Penguins are one of the few birds that cannot fly. Instead their wings are adapted to make them excellent swimmers and they can travel at 16 miles per hour in the water! Penguins are much slower on land as they can only waddle or hop.

Penguins mainly eat fish, but they will also eat squid, krill, and crustaceans. They have to be very speedy in the water to catch their dinner! Penguins swallow their food whole. They have a hook at the end of their beak which helps them to grab their prey. They also have backward facing bristles on their tongue that helps stop slippery seafood from getting away. Unlike humans, penguins can drink sea water as they have a gland in their eye sockets that acts as a filter to separate the salt from the water.

Penguins use camouflage for survival

Antarctic emperor penguins

It is often thought that penguins look like they’re wearing a fancy tuxedo. This black and white colouring isn’t there to make sure they get let into black-tie events, but instead is a special adaptation called ‘countershading’. It is used as camouflage and helps prevent penguins being seen by predators, such as seal leopards, orcas, sharks, and foxes. When penguins are swimming, their white bellies are hard to see from below as they blend into the sky and sunlight above. Penguin’s black backs disguise them from any predators above as they are hard to see against the water and dark ocean floor.

Penguins are playful!

Penguins like to go tobagganing. They will lay on their tummy and slide through ice and snow. Penguins will also dive off cliffs into the water, get out, and dive in again for fun! There can sometimes be long queues for the best diving spots.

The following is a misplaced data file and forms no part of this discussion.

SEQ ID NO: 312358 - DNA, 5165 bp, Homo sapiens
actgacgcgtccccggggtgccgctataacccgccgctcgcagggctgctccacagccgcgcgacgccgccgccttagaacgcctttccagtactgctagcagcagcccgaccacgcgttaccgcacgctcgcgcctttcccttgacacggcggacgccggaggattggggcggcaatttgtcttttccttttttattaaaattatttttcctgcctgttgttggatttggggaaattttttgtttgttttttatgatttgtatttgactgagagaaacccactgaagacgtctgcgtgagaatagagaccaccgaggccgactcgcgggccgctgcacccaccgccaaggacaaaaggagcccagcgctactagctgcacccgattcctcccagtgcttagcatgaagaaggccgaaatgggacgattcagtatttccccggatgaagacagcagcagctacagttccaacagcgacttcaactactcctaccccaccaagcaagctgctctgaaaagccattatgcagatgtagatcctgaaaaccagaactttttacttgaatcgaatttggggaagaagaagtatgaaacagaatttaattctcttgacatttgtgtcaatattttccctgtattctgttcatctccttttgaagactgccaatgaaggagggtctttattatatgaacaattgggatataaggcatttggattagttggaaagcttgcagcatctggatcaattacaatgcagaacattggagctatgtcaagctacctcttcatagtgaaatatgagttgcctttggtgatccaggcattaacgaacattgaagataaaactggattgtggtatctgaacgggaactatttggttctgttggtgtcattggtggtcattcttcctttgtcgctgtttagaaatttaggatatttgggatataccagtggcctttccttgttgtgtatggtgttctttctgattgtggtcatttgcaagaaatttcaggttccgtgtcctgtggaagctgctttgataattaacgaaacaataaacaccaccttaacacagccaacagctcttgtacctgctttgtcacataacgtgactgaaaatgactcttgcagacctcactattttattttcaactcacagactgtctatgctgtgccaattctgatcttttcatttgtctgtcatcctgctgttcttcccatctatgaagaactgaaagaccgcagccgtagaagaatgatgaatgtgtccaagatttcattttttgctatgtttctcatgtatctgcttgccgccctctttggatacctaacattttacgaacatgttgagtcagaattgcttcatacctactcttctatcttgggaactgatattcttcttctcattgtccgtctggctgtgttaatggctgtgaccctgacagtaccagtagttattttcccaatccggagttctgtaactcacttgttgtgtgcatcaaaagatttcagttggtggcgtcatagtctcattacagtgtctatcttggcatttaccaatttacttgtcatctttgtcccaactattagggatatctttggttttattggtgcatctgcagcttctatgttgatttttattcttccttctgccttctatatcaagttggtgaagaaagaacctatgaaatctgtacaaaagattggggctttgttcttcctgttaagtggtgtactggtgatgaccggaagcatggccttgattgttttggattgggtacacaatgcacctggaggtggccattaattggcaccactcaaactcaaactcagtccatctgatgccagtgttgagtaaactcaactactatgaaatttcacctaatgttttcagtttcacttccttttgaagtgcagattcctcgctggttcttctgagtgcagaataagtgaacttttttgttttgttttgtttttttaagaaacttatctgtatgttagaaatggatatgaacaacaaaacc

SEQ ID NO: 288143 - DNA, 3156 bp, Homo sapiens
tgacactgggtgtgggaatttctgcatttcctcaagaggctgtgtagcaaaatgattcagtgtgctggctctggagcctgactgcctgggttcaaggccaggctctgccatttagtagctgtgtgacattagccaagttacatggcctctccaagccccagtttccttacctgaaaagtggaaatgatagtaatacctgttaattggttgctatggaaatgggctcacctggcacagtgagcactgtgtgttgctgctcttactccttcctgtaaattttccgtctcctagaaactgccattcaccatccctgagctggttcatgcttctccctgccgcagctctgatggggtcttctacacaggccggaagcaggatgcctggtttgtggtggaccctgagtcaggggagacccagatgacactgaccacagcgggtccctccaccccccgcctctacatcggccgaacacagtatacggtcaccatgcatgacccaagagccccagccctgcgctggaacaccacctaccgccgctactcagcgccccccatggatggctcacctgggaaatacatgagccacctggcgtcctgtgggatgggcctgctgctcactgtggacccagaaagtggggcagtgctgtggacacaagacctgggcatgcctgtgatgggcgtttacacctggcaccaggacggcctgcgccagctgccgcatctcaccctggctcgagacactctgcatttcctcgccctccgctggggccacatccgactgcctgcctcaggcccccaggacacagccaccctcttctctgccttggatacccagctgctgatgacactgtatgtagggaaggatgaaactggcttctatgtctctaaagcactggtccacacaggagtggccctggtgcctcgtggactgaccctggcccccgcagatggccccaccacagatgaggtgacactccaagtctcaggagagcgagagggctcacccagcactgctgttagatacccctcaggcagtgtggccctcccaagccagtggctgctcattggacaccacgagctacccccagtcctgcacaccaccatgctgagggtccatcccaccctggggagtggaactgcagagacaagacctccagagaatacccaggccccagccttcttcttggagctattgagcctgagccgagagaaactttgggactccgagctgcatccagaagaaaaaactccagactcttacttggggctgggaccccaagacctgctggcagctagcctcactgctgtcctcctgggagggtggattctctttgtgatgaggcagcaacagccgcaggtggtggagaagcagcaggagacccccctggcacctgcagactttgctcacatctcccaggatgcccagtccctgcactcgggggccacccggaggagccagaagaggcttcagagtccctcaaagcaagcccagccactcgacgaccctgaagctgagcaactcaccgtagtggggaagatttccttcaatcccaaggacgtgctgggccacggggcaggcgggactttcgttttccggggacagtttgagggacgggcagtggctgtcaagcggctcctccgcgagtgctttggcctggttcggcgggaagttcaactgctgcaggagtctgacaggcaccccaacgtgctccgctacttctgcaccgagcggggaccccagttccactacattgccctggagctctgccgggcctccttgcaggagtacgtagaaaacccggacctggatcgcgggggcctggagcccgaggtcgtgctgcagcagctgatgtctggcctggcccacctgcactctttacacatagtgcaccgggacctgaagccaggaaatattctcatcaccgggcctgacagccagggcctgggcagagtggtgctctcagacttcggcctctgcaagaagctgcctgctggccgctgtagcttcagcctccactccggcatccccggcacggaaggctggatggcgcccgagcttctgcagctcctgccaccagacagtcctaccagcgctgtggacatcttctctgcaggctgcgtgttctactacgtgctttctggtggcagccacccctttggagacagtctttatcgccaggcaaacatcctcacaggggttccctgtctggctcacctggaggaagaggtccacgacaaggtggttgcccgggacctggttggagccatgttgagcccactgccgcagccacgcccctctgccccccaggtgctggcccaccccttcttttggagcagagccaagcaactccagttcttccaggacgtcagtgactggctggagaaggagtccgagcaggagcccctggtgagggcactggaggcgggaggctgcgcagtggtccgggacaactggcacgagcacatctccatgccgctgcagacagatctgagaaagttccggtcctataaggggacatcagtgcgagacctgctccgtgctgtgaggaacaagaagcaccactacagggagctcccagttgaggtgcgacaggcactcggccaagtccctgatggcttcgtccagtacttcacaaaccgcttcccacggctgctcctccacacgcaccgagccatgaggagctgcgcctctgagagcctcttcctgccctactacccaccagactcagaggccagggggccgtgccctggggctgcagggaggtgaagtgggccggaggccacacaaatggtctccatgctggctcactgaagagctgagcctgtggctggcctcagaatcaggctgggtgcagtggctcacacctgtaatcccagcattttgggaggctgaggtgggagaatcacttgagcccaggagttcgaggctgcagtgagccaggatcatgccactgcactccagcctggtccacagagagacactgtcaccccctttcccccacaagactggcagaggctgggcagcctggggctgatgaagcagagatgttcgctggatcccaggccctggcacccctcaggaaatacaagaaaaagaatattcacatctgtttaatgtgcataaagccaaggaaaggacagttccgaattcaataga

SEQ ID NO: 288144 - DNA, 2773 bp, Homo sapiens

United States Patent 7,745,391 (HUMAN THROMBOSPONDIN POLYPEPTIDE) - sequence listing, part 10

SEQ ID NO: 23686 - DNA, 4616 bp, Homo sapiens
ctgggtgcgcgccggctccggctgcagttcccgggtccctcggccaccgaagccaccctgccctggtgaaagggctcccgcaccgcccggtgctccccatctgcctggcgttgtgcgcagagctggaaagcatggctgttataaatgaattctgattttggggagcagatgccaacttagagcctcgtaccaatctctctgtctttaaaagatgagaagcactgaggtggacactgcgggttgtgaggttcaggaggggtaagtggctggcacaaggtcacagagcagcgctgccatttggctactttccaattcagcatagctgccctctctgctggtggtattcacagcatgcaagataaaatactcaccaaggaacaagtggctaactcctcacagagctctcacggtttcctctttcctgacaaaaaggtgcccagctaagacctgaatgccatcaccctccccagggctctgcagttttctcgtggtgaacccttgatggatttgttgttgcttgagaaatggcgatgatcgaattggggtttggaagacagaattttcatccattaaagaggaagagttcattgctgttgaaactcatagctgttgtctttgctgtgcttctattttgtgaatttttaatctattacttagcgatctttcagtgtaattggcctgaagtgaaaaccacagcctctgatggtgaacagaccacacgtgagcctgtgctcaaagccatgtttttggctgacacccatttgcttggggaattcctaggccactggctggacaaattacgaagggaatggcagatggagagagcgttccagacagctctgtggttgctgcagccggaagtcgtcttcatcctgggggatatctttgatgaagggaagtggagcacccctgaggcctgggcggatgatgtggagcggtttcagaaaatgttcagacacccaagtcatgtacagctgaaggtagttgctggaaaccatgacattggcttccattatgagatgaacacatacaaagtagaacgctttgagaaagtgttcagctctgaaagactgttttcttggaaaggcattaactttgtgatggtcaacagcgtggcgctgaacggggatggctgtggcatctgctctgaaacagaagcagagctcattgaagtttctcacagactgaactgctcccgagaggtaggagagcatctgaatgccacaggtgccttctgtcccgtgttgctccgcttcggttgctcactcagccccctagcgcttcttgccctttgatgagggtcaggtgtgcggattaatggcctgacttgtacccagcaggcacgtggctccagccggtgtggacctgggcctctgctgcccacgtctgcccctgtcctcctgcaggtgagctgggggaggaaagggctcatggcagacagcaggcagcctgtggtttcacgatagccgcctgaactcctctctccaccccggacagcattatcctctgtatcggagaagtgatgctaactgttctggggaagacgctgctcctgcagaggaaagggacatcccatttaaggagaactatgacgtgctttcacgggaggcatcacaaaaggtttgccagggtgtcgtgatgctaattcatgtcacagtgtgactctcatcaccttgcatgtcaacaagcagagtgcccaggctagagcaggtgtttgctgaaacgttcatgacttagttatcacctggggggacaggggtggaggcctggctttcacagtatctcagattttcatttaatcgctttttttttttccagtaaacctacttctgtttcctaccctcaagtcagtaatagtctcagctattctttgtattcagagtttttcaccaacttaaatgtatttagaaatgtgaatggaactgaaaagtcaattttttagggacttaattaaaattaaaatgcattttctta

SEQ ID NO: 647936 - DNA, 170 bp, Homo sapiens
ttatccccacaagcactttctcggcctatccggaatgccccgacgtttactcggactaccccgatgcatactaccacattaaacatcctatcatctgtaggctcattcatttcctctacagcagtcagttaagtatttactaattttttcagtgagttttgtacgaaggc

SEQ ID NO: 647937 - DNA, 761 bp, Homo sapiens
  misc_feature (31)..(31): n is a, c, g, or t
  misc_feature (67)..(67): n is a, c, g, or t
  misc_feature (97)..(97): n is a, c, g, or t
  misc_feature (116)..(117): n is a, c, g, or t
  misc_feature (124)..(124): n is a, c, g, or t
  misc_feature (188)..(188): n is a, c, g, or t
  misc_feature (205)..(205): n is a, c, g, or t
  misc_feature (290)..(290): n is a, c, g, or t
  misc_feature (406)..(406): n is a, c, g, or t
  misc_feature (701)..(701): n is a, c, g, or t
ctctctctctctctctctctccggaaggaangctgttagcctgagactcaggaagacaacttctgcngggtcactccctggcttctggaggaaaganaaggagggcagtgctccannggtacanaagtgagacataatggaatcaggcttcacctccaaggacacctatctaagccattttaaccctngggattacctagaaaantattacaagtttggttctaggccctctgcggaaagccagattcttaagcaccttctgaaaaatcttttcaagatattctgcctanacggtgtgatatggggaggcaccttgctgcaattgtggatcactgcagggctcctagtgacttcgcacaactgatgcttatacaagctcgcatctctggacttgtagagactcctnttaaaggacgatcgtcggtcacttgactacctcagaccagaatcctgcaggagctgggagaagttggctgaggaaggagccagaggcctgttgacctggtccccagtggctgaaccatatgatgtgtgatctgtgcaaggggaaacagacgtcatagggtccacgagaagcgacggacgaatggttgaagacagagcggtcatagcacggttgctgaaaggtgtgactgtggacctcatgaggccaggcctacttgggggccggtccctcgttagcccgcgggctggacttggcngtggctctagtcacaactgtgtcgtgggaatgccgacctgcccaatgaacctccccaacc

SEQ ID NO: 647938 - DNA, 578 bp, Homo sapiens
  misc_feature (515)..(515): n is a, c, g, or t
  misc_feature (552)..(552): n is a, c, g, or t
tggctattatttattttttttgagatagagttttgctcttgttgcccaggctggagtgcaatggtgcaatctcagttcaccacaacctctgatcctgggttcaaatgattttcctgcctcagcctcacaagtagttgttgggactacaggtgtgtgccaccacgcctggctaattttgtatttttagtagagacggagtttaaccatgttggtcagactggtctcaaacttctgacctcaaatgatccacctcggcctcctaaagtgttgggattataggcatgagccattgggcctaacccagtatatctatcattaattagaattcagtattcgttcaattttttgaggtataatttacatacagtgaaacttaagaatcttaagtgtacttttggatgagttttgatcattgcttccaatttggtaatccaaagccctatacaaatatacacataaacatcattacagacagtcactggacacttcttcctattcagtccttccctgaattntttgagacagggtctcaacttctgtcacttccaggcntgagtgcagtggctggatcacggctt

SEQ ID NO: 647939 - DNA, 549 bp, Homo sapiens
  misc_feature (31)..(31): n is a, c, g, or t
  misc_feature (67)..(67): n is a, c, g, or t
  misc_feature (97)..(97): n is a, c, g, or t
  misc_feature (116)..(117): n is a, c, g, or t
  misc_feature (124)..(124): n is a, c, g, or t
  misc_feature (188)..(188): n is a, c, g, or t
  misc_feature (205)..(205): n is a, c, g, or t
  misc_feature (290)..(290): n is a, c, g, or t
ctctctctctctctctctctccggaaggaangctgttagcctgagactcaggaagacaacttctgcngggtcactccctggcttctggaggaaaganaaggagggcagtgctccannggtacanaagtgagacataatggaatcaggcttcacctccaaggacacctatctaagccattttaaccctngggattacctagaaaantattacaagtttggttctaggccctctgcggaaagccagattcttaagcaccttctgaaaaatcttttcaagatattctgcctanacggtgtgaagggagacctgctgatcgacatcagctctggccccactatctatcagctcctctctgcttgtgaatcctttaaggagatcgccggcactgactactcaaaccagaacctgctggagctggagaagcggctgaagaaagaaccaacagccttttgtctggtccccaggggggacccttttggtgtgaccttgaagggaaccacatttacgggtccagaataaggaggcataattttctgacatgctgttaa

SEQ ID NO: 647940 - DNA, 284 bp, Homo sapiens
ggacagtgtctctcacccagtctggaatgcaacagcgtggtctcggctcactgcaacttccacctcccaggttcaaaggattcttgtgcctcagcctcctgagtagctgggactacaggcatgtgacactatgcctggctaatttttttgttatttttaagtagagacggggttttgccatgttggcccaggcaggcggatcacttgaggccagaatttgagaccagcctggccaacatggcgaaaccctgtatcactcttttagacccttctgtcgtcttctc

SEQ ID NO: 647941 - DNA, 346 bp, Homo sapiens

Want to play a penguin game?

We’ve come up with a fun penguin role-play game perfect for a play date or birthday party. Loosely tie each child’s feet together (not too tight - we don’t want them falling over and hurting themselves!) so that they can move their feet in a shuffling motion. Tell the children to hold their arms to their sides to complete their transformations into penguins!

The children can huddle together as if they are protecting each other from the harsh conditions of Antarctica. Make sure they all swap places so that the outside penguins don’t get too chilly! Let all the penguin children pair up and lay eggs. After the eggs have been kept warm for a period of time they will hatch into beautiful penguin chicks (you can use any soft toys you have for this).

Cut some apples into small pieces and place them on plates. Offer the apple to the kids but tell them not to use their hands as penguins have to pick up food with their beaks.

A big leopard seal (you!) can appear and try to catch the little penguins for its evening meal! Give them the chance to hop away and hide.

Not tried toucanBox yet? 

Each toucanBox is also personalised with your child’s name, so they will be so excited when something addressed to them personally comes through the letterbox! 

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We’d love to see your creations, so why not share them on Facebook, Instagram or Twitter with #toucanBox. Our favourite snaps could feature in the next issue of toucanBox Magazine!